Elvira Guillen Piano Studio Blog

I will focus in on different treasures that are in my studio.  It will give you an insight to my day-to-day piano activities.

Dinosaurs Exist in the Piano Studio!

July 29, 2017

Dinosaurs! Yes, dinosaurs. Most young children like the topic of dinosaurs. Why not design activities and games that involve dinosaurs to grab their imagination and apply it in my piano studio? They like their gigantic size and the fact that they existed millions of years ago but somehow they do not exist anymore. The mystery of the dinosaurs intrigues their imagination.

I’ll admit that I don’t have the type of imagination other people in general have; so, it takes a lot of brainwork to come up with these ideas. My students make it a little easier by sharing with me a piece of their imagination. One student loves going to the “Dinosaur Museum.” He comes back and tells me the latest discovery going on at the Natural History Museum or the latest movie involving dinosaurs he saw at the Dynamax Theater. “Did you know that the largest dinosaur was the Brachiosaurus (how can he even pronounce those names)? And he ate mostly plants?” No, I did not know that.

I hang on to those themes that excite my students and apply them in games or activities. Here’s a game that I created using the dinosaur theme: “The Hungry Dinosaur Game”

It helps my students learn about the staff - it consists of five lines, five spaces, and a top and bottom space. As I hear their interaction, they are saying, “Wouldn’t it be awesome if the Tyrannosaurus came and really ate our notes?” Someone else said,” Yeah, then he’d grab the notes right out of our hands!”

Yes, I love it!

I used the dinosaur theme this summer in my studio by buying plastic dinosaurs and used them as game pieces for board games and as prizes for the winner. In the Fall, I plan to give them as prizes for meeting their lesson goals. I like the excitement it brings to the studio. Just grabbing these little dinosaurs immediately changes the studio setting. Now there is enthusiasm and a will to name the lines and spaces not so much to win but to enter into an imaginary world with dinosaurs and lines and spaces!

Pencils and Pens

Printed music consists of 5 lines, black and white notes, stems, beams, dots, and so much more. Markings are needed to help us interpret the composer’s music. As a piano teacher, what do I use to write notes on their music? I use plain, old, number 2 pencils. Yes, it’s just my preference. So my comments and markings will be in black and white (more like gray and white). No major rules broken if it’s done otherwise but in my studio, this is how the world achieves the final product of beautiful music!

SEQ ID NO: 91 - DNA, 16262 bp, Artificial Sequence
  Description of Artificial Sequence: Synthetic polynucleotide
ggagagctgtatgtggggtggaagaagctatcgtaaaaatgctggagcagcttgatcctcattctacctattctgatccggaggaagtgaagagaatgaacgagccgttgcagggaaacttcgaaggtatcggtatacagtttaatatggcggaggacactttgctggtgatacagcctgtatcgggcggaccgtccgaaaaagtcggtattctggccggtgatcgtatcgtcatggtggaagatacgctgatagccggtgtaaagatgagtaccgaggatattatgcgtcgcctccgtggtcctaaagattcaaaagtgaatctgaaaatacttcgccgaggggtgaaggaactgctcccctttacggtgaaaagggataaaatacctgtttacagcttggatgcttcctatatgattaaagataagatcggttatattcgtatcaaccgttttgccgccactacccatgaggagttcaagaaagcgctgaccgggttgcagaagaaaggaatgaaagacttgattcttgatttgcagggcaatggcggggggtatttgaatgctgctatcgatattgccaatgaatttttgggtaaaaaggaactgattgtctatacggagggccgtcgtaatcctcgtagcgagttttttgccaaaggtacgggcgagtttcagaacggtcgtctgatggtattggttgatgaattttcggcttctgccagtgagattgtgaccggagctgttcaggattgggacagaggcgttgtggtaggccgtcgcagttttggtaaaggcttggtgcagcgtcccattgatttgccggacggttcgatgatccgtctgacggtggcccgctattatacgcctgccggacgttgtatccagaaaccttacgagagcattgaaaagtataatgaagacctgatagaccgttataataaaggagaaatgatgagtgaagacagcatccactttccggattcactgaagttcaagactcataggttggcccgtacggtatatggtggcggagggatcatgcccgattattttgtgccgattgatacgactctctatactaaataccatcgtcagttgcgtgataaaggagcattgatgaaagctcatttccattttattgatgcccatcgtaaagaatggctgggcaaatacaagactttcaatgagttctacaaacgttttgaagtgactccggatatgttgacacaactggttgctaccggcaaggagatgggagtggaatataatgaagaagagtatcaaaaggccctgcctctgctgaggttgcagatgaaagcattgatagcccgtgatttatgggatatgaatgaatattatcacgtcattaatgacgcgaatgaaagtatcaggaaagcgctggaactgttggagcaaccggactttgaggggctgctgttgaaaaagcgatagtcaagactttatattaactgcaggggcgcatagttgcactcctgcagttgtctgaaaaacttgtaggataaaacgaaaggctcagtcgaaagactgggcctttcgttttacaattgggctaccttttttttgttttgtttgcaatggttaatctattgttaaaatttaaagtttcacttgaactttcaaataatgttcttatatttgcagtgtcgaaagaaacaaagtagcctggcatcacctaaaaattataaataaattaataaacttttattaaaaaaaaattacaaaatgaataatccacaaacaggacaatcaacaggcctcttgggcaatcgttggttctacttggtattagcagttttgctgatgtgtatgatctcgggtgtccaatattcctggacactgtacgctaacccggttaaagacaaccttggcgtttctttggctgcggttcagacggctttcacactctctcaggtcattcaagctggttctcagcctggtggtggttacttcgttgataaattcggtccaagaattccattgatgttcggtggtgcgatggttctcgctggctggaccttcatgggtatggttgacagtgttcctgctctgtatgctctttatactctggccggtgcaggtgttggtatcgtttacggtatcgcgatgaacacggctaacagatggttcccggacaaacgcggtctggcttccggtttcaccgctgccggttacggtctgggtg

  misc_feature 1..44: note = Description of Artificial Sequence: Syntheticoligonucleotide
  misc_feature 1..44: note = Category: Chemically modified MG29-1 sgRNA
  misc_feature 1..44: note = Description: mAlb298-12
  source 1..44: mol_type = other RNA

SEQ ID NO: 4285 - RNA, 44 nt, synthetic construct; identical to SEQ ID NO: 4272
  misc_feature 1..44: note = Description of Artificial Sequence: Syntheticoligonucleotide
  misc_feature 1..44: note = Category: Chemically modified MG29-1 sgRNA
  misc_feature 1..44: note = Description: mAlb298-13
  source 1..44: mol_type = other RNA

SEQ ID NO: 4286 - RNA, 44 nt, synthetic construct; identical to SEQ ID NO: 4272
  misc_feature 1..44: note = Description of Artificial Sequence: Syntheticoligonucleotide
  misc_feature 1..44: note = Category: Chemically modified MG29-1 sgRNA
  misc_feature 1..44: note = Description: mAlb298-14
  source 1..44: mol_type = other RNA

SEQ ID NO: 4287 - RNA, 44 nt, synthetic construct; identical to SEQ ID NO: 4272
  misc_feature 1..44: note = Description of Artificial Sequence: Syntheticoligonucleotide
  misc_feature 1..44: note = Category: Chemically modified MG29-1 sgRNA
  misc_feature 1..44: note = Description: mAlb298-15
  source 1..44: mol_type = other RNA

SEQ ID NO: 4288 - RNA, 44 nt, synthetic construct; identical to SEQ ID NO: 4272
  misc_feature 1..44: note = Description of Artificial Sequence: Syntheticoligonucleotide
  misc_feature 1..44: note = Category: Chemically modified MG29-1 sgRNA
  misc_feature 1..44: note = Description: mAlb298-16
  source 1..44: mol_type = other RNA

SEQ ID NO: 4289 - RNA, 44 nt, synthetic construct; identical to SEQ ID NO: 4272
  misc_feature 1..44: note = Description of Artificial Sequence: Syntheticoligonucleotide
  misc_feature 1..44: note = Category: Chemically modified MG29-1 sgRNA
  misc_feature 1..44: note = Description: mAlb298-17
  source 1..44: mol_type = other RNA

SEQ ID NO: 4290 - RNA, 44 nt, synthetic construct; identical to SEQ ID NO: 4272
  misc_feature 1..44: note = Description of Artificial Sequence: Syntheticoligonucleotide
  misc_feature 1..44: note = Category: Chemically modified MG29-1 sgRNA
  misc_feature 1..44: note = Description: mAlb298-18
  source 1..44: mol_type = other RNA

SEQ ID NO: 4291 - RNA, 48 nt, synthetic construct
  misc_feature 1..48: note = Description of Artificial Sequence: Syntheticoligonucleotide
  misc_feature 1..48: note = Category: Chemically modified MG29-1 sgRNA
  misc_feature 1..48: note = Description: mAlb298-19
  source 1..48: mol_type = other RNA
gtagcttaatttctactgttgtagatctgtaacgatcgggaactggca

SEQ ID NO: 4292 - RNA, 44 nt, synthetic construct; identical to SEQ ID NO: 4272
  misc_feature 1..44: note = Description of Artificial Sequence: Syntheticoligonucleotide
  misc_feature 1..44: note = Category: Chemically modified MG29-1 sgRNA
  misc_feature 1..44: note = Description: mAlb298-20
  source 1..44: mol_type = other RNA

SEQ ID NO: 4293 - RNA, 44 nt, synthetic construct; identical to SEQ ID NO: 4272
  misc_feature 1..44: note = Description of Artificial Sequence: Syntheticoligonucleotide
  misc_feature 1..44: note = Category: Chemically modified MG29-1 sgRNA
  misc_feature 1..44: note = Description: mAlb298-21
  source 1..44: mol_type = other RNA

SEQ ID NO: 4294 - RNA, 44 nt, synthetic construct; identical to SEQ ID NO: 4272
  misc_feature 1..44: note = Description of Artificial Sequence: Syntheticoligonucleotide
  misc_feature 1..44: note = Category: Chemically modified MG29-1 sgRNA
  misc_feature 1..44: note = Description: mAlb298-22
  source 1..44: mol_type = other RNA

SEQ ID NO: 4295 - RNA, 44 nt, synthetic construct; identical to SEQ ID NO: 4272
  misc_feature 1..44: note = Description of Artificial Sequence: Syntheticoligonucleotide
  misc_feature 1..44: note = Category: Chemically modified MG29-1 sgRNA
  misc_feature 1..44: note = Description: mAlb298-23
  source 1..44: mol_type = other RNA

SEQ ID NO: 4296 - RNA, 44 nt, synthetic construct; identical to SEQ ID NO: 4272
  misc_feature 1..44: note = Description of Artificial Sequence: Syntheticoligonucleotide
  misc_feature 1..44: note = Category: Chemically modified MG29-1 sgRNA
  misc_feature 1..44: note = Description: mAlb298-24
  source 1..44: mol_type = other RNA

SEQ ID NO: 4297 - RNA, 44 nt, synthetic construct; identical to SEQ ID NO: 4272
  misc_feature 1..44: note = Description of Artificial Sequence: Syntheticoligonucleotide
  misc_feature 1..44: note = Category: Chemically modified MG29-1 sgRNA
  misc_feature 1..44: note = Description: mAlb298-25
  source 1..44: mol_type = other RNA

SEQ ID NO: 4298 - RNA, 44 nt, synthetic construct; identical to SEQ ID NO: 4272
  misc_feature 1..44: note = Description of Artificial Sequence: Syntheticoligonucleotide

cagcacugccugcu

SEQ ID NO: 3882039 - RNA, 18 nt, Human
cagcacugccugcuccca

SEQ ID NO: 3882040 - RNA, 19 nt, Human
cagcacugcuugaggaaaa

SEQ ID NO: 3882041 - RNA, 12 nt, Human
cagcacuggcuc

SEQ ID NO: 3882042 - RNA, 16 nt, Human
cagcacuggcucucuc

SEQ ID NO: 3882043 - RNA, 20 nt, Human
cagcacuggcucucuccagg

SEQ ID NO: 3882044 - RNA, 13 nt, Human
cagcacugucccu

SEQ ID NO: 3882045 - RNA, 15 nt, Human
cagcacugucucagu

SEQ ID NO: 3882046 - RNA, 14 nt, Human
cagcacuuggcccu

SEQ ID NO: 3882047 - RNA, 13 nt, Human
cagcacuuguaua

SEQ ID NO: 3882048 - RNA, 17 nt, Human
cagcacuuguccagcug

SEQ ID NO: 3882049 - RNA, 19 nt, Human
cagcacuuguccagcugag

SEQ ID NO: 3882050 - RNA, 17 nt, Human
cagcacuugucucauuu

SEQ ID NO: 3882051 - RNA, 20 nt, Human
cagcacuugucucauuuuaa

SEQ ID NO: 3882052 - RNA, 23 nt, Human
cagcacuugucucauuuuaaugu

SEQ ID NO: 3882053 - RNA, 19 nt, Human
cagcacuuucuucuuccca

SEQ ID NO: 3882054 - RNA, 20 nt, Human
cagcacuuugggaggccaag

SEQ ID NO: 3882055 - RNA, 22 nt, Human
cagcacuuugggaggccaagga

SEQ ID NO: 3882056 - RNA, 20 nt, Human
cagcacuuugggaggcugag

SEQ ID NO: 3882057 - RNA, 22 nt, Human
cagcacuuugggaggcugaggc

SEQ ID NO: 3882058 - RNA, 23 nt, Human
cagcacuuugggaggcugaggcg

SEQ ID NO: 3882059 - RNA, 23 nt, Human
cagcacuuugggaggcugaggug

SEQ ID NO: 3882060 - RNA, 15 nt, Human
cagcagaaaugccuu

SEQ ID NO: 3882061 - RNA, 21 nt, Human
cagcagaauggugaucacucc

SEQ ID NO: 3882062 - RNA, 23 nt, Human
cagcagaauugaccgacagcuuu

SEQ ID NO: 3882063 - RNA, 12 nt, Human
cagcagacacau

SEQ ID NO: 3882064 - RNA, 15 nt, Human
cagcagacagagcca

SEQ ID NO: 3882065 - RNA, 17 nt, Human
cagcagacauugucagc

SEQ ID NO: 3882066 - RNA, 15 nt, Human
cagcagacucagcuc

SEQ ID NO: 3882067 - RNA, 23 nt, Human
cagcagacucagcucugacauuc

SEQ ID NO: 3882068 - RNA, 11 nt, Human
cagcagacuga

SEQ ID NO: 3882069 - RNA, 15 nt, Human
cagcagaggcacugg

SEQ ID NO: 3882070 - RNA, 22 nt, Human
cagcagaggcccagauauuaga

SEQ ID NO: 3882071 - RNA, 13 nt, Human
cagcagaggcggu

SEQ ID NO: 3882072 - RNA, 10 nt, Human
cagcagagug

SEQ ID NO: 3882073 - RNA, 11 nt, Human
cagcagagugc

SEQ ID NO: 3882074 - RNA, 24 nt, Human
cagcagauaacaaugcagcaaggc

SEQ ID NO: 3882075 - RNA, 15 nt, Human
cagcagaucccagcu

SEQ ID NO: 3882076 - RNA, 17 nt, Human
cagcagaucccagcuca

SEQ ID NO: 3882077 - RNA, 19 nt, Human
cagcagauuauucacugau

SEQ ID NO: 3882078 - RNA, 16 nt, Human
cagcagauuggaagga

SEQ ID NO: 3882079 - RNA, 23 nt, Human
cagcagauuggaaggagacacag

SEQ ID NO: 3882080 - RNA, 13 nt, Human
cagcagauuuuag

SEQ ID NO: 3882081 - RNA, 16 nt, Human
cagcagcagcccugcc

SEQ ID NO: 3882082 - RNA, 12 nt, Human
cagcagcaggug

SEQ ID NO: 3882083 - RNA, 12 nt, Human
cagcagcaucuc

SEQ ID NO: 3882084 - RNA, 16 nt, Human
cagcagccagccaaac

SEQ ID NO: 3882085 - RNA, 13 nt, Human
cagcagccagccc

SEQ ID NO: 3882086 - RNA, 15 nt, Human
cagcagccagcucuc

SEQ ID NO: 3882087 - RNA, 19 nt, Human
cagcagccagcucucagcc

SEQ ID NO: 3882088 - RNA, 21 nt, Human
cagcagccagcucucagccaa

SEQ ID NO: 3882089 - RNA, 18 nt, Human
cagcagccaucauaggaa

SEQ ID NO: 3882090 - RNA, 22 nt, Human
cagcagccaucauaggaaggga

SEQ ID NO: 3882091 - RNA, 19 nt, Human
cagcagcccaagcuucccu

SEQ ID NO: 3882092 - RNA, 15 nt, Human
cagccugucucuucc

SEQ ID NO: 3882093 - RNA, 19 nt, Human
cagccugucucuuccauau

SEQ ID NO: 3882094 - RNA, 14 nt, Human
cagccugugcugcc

Why don’t I make it colorful? Color will distract from the music notation on the page. Some fingering is written in for tricky passages; gentle reminders of sharps and flats are written along with the circled key signature; circled dynamics are also emphasized with pencil. Short reminders are also recorded on the margin. As the student plays, I have my pencil ready to mark sections with asterisks or parentheses to help them stand out during their home practice. “Practice 6x” or “Practice HS” (abbreviation for hands separate). I’ll write, write, write -but only with pencil. Then we review the comments. “Did it help you with your practice? Did you remember what I meant by this marking? Did you feel 6x was too many times or not enough?” On and on, I evaluate each pencil marking so that it enhances the student’s practice time. Week after week, there are new markings and new marked sections until student plays the piece in its entirety with ease.

Now, time to perform the music! Time to bring out the eraser. The eraser removes the gentle reminders. No more written-in sharps and flats or circled emphases. The accomplished piece of music is now as clear as possible of hand-written pencil notes showing only the printed music just as the composer and editors intended it to be.

Despite my loyalty to the pencil, I LOVE colorful pens – red, green, purple, pink, blue! The brightness of each color makes writing on a clear white sheet of paper come to life! The page is given character and personality. The more I change the colors on the plain white sheet of paper, the brighter all these characteristics develop. It sparkles! So, to add this aspect in my studio, the first thing I grab is a colorful pen! As each one of my students comes to their lesson, I write their name on the assignment sheet with a colorful pen. Then, as the student plays and I finish writing pencil markings, I turn to the assignment notebook with a colorful pen in my hand.

With the combination of pens and pencils, the beauty of musical sounds is created for long lasting musical repertoire to be enjoyed forever and ever!